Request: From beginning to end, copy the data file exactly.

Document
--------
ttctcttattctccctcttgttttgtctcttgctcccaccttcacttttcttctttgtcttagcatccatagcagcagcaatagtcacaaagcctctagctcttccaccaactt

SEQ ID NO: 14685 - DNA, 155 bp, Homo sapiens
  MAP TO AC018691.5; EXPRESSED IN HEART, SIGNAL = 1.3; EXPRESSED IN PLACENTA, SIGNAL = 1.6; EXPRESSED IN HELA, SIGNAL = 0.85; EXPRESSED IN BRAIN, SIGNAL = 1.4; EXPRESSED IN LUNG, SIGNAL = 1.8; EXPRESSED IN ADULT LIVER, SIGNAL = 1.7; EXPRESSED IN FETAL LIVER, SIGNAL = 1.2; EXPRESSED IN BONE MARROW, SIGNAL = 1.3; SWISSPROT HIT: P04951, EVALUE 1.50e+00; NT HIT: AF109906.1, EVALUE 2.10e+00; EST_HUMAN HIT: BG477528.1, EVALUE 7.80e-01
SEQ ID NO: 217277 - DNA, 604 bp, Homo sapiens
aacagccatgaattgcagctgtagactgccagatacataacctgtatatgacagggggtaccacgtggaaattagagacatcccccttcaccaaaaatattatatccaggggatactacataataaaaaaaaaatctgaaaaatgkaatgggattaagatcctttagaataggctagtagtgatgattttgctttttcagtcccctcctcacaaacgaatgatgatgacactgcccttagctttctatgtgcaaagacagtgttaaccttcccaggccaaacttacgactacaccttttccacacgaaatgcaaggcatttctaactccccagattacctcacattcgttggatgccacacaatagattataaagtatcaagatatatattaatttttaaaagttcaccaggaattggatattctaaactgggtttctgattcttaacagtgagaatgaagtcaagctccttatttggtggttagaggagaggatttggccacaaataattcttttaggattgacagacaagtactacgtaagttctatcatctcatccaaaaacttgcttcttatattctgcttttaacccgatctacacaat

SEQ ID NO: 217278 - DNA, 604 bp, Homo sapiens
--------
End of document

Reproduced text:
ttctcttattctccctcttgttttgtctcttgctcccaccttcacttttcttctttgtcttagcatccatagcagcagcaatagtcacaaagcctctagctcttccaccaactt

SEQ ID NO: 14685 - DNA, 155 bp, Homo sapiens
  MAP TO AC018691.5; EXPRESSED IN HEART, SIGNAL = 1.3; EXPRESSED IN PLACENTA, SIGNAL = 1.6; EXPRESSED IN HELA, SIGNAL = 0.85; EXPRESSED IN BRAIN, SIGNAL = 1.4; EXPRESSED IN LUNG, SIGNAL = 1.8; EXPRESSED IN ADULT LIVER, SIGNAL = 1.7; EXPRESSED IN FETAL LIVER, SIGNAL = 1.2; EXPRESSED IN BONE MARROW, SIGNAL = 1.3; SWISSPROT HIT: P04951, EVALUE 1.50e+00; NT HIT: AF109906.1, EVALUE 2.10e+00; EST_HUMAN HIT: BG477528.1, EVALUE 7.80e-01
SEQ ID NO: 217277 - DNA, 604 bp, Homo sapiens
aacagccatgaattgcagctgtagactgccagatacataacctgtatatgacagggggtaccacgtggaaattagagacatcccccttcaccaaaaatattatatccaggggatactacataataaaaaaaaaatctgaaaaatgkaatgggattaagatcctttagaataggctagtagtgatgattttgctttttcagtcccctcctcacaaacgaatgatgatgacactgcccttagctttctatgtgcaaagacagtgttaaccttcccaggccaaacttacgactacaccttttccacacgaaatgcaaggcatttctaactccccagattacctcacattcgttggatgccacacaatagattataaagtatcaagatatatattaatttttaaaagttcaccaggaattggatattctaaactgggtttctgattcttaacagtgagaatgaagtcaagctccttatttggtggttagaggagaggatttggccacaaataattcttttaggattgacagacaagtactacgtaagttctatcatctcatccaaaaacttgcttcttatattctgcttttaacccgatctacacaat

SEQ ID NO: 217278 - DNA, 604 bp, Homo sapiens